Rosewater can be found at Middle Eastern markets and at some well-stocked supermarkets. There is really no substitute for this distinctive flavor, but if you cannot find it you can use another flavored extract like lemon, mint, or any number of floral flavors.
- 4 cups granulated sugar
- 4.5 cups water, divided use
- 2 tsp lemon juice
- 1.25 cups cornstarch
- 1 tsp cream of tartar
- 1.5 tbsp rosewater
- 2-3 drops red food coloring
- 1 cup powdered sugar
1. Prepare a 9x9 pan by lining it with aluminum foil and spraying the foil with nonstick cooking spray. Set aside for now.
2. Place the sugar, lemon juice, and 1.5 cups of the water in a medium saucepan over medium heat. Stir until the sugar dissolves, and bring the mixture to a boil. Brush down the sides of the pan with a wet pastry brush to prevent sugar crystals from forming, and insert a candy thermometer.
3. Allow the sugar mixture to continue boiling, without stirring, until it reaches 240 degrees on the candy thermometer.
4. When the sugar syrup is around 225 degrees, begin to get the rest of the candy ingredients prepared. Place the remaining 3 cups of water in another, slightly larger, saucepan. Add the cornstarch and cream of tartar and whisk until the starch dissolves and there are no lumps. Place the saucepan over medium heat and bring the mixture to a boil, stirring or whisking constantly. The mixture will become thick and pasty.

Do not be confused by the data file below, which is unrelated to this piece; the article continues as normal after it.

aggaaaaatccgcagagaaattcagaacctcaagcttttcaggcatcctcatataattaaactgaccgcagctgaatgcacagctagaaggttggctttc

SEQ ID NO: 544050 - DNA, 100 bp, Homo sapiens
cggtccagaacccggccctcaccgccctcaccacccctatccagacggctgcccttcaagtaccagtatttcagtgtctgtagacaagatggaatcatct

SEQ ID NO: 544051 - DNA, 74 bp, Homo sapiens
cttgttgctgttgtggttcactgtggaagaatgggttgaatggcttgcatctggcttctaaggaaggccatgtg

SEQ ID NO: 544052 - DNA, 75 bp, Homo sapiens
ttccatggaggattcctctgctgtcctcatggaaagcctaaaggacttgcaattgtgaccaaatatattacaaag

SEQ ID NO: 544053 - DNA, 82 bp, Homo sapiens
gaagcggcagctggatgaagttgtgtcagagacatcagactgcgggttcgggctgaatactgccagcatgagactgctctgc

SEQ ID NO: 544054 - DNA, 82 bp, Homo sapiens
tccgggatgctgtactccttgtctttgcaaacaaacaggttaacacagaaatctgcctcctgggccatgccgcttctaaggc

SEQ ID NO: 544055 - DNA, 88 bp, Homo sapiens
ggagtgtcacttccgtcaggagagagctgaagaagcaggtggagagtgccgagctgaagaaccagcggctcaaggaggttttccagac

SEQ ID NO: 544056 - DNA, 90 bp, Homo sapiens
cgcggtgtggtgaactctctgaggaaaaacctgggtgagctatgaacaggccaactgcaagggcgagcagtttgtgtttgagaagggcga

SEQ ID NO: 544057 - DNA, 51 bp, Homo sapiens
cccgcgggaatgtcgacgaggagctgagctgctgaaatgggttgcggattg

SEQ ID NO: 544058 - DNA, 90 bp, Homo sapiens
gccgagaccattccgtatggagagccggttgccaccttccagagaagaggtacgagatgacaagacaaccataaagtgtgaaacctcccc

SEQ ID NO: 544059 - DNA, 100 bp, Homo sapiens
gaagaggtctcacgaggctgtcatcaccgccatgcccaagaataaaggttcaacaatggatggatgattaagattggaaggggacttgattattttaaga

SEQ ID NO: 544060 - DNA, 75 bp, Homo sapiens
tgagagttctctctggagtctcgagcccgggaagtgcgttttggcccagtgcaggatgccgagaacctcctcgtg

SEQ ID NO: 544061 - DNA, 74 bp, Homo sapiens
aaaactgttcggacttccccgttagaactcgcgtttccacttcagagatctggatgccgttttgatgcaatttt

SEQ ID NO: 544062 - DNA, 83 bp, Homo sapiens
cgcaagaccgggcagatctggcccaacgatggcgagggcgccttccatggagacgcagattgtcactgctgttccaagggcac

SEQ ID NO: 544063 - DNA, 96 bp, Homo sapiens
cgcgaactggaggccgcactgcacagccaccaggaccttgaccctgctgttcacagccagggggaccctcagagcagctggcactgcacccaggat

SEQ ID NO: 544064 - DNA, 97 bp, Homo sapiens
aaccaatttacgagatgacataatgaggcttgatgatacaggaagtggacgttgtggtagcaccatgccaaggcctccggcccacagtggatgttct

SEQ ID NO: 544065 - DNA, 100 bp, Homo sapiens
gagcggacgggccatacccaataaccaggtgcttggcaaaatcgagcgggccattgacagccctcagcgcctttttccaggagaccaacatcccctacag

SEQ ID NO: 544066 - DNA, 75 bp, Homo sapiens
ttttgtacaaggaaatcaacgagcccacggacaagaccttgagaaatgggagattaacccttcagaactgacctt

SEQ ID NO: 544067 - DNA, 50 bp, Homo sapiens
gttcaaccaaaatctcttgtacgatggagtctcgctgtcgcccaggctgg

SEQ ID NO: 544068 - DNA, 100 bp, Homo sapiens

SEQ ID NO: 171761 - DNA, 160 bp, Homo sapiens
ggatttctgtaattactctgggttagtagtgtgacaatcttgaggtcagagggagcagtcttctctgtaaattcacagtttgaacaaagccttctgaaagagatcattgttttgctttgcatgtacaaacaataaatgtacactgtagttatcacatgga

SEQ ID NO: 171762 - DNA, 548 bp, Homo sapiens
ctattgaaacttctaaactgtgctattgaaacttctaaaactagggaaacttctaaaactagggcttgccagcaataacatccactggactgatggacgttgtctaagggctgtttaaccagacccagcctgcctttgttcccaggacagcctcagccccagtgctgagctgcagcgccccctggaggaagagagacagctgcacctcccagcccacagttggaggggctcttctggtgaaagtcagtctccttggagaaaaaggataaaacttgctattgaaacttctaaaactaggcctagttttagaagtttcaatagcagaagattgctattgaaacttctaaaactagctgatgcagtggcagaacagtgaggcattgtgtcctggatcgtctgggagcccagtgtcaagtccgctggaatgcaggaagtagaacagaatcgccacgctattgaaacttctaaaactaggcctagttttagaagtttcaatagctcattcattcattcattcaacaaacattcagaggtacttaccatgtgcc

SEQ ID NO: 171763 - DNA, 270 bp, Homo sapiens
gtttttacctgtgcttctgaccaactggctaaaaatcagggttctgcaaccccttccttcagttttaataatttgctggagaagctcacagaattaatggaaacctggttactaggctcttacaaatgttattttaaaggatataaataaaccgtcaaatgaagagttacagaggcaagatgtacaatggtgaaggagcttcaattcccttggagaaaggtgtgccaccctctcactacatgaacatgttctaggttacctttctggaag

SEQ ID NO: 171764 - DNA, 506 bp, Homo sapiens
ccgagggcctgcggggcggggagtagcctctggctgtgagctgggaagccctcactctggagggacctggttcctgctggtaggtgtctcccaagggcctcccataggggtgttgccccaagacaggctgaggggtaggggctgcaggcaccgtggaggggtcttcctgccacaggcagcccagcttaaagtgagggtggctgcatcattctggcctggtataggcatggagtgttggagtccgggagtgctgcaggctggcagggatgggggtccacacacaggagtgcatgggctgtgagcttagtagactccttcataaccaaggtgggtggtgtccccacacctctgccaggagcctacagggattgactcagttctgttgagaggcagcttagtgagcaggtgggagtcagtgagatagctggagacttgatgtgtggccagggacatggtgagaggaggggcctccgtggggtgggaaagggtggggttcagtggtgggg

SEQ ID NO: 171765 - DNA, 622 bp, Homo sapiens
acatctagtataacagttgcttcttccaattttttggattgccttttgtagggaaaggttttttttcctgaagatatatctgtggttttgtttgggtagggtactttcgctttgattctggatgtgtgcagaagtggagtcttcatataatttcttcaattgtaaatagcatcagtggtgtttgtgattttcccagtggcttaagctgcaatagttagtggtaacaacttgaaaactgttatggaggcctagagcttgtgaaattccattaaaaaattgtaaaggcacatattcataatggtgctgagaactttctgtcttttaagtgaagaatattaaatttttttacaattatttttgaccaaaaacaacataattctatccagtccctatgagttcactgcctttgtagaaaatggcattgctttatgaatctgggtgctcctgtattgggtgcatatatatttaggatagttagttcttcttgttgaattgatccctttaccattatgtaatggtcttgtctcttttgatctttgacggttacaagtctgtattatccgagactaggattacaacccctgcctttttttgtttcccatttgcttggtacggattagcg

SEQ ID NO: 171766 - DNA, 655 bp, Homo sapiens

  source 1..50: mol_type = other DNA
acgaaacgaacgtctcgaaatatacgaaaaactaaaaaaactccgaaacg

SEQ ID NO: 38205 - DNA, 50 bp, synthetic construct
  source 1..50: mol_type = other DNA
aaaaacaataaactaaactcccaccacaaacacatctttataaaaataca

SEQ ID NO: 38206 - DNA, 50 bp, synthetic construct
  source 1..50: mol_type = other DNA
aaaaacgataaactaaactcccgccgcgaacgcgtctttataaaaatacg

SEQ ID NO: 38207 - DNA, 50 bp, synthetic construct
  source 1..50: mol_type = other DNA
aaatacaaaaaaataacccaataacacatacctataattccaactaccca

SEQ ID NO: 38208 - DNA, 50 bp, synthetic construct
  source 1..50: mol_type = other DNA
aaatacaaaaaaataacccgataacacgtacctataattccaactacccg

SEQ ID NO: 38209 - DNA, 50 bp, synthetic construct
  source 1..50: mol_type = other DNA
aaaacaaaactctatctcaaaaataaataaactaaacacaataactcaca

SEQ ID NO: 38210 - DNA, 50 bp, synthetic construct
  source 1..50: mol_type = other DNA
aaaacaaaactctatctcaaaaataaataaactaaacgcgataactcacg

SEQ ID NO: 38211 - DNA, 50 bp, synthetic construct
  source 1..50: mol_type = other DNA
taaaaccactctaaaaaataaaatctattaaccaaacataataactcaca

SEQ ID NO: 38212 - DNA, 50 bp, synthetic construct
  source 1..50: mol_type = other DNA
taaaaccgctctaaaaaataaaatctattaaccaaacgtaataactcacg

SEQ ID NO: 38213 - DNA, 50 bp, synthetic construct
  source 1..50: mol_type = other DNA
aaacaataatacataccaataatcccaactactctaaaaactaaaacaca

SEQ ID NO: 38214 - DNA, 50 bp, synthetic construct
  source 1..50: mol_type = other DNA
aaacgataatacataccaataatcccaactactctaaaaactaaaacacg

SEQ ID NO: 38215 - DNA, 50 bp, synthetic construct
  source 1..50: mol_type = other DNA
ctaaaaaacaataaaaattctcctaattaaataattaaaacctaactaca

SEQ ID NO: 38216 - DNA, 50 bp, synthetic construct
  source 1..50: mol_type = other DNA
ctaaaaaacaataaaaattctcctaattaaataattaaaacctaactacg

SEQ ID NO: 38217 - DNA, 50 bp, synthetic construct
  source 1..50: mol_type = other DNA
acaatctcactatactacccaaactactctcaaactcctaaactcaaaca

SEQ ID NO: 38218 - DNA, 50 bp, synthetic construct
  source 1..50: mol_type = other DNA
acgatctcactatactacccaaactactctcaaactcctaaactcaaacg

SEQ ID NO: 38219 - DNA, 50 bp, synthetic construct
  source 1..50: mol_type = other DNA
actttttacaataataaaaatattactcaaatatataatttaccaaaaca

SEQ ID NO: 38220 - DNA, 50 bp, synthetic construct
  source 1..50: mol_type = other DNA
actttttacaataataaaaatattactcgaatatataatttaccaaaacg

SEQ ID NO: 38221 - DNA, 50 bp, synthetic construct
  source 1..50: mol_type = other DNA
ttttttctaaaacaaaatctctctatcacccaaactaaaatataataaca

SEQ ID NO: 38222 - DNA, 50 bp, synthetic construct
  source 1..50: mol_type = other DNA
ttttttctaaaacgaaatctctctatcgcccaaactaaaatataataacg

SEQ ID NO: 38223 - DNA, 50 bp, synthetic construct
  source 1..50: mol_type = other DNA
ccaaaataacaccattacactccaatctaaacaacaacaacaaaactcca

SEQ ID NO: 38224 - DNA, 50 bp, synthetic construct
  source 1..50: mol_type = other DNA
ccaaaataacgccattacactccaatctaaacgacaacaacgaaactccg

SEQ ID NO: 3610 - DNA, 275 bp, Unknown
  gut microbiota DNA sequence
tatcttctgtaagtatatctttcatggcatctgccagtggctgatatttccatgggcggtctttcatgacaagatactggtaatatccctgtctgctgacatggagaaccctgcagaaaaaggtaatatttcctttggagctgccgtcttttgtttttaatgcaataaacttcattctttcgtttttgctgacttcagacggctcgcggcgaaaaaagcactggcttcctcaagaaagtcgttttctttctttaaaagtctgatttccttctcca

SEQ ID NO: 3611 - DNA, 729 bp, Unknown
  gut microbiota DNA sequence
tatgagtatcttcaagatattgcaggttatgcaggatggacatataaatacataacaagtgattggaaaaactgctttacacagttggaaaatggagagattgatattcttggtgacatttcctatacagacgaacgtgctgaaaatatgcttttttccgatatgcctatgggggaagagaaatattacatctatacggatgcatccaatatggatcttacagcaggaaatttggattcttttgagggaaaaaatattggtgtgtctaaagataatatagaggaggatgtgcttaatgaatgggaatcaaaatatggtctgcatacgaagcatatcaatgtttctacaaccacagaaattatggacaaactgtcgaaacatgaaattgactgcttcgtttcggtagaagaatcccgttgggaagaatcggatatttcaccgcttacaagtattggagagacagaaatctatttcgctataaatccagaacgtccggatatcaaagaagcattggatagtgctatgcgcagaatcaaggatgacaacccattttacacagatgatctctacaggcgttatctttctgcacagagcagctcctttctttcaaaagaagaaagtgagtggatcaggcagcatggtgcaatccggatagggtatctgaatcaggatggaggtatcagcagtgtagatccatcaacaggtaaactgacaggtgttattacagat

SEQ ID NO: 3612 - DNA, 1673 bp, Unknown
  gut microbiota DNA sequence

5. Once the sugar syrup is at 240 degrees, remove it from the heat. Slowly, carefully, pour it into the cornstarch mixture, whisking until it is fully incorporated.
6. Reduce the heat to low and simmer, whisking it every 8-10 minutes, for about an hour, until the candy has turned a light golden-yellow color and is very thick and gluey.
7. After an hour, remove from the heat and stir in the food coloring and the rosewater. Pour the candy into the prepared pan and allow it to set, uncovered, overnight.
8. The next day, remove the candy from the pan using the foil as handles. Dust your work station with the powdered sugar, and flip the candy onto the powdered sugar. Remove the foil from the back and dust the top with the sugar. Use an oiled chef’s knife to cut the Turkish Delight into small squares. Dust each side of the square with powdered sugar to prevent stickiness.
9. Turkish Delight is best soon after it is made. It doesn’t keep very well, but if you want to try keeping it, store it in an airtight container with waxed paper between the layers, and dust the sides with powdered sugar again before serving.